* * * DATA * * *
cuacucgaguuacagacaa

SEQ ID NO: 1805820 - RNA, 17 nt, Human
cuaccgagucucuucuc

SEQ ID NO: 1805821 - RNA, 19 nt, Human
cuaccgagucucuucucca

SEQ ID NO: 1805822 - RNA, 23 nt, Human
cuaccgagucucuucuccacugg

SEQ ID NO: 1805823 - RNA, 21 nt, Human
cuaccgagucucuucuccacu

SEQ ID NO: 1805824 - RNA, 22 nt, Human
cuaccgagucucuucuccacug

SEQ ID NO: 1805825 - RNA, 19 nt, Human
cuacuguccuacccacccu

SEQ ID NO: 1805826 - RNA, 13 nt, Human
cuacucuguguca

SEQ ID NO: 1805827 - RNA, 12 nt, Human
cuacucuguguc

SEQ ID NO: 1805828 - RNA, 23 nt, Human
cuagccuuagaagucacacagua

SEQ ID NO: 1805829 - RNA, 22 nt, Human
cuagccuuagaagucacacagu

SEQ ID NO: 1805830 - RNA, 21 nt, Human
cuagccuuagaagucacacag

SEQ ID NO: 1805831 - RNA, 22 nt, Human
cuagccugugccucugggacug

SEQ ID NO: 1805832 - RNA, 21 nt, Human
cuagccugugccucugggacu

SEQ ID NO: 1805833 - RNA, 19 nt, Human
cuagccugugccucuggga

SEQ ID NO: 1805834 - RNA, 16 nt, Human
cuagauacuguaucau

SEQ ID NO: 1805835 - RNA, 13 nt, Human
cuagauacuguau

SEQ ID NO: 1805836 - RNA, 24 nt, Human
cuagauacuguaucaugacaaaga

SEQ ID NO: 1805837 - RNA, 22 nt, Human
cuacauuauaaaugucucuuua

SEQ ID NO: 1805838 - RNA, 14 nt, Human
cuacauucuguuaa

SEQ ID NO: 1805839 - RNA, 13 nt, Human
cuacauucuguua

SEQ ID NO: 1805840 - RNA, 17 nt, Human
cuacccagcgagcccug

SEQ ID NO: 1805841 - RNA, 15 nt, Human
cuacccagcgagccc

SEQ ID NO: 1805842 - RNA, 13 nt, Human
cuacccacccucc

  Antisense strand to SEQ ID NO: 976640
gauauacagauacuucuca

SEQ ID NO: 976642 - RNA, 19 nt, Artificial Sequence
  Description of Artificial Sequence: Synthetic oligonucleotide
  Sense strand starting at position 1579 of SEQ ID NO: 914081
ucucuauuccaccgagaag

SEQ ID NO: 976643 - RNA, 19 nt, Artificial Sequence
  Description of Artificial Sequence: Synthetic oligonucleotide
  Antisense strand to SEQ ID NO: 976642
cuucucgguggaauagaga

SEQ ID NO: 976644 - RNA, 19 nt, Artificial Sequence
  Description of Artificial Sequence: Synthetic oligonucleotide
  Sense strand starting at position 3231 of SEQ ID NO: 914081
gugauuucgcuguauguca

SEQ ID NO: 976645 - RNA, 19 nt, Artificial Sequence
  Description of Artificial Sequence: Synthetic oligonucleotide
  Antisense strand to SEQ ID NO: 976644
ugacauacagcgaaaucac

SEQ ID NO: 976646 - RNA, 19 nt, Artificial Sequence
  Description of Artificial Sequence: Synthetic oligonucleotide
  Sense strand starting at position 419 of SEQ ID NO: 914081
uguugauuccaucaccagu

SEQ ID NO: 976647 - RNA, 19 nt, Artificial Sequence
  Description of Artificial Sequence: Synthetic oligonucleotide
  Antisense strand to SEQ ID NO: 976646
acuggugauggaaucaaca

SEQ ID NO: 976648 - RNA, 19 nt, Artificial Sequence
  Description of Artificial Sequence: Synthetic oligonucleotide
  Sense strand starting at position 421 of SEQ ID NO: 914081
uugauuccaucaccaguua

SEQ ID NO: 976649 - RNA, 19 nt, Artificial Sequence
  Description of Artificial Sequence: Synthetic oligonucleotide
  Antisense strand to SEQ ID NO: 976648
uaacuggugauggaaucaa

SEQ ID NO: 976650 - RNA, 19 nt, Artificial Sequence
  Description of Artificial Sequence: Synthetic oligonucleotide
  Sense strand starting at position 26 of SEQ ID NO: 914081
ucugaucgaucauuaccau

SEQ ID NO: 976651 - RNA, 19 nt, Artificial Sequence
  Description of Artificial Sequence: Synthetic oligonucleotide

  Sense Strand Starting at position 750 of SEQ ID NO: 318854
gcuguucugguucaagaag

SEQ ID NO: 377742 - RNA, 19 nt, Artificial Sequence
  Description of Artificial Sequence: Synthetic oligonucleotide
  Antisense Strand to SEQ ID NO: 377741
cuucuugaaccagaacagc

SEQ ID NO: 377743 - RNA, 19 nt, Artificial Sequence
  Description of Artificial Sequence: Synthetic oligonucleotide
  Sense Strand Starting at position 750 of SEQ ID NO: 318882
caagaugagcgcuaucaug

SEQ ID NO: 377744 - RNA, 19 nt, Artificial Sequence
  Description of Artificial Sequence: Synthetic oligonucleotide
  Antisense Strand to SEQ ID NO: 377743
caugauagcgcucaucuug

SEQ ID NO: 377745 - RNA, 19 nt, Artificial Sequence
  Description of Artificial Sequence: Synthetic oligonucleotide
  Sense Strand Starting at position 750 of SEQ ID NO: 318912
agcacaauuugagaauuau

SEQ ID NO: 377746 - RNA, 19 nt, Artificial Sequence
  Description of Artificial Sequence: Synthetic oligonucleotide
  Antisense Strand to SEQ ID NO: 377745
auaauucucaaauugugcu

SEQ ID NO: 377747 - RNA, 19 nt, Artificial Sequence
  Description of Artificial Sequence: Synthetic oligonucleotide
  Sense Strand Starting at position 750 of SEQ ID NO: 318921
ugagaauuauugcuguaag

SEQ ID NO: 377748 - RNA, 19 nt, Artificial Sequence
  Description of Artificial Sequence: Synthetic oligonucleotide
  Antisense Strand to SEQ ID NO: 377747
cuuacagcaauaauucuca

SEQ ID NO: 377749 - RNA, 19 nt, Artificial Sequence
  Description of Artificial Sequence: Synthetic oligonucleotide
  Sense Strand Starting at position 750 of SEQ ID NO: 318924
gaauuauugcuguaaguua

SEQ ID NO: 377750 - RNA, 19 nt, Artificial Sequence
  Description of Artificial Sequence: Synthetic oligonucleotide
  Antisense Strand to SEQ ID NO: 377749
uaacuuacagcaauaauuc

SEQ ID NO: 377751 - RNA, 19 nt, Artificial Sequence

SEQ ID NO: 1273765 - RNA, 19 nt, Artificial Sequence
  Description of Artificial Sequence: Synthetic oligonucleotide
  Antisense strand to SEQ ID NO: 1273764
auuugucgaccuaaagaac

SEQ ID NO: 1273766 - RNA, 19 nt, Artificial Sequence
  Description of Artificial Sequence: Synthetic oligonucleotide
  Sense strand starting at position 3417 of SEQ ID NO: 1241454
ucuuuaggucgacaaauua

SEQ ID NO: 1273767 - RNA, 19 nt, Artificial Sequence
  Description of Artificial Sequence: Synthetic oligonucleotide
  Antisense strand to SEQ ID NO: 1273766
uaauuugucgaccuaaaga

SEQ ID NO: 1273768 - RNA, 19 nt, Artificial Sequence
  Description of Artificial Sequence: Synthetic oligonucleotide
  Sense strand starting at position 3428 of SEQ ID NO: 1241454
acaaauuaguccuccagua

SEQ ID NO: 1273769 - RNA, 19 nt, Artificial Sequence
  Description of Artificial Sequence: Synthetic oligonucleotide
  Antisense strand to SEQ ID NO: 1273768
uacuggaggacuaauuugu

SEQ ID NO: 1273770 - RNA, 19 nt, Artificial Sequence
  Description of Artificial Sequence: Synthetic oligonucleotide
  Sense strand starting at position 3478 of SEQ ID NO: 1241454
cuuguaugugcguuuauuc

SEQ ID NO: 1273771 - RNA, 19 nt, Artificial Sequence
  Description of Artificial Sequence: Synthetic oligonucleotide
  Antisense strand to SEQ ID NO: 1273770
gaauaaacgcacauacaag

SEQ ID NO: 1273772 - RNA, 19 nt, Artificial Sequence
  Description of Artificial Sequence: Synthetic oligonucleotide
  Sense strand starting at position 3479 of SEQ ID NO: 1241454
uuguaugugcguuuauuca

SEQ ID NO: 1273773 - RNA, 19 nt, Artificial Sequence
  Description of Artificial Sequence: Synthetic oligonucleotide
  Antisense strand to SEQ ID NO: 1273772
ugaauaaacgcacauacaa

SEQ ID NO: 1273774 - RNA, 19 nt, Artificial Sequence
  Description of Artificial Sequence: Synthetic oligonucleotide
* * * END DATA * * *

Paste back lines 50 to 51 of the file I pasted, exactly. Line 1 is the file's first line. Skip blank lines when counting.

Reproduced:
SEQ ID NO: 976642 - RNA, 19 nt, Artificial Sequence
  Description of Artificial Sequence: Synthetic oligonucleotide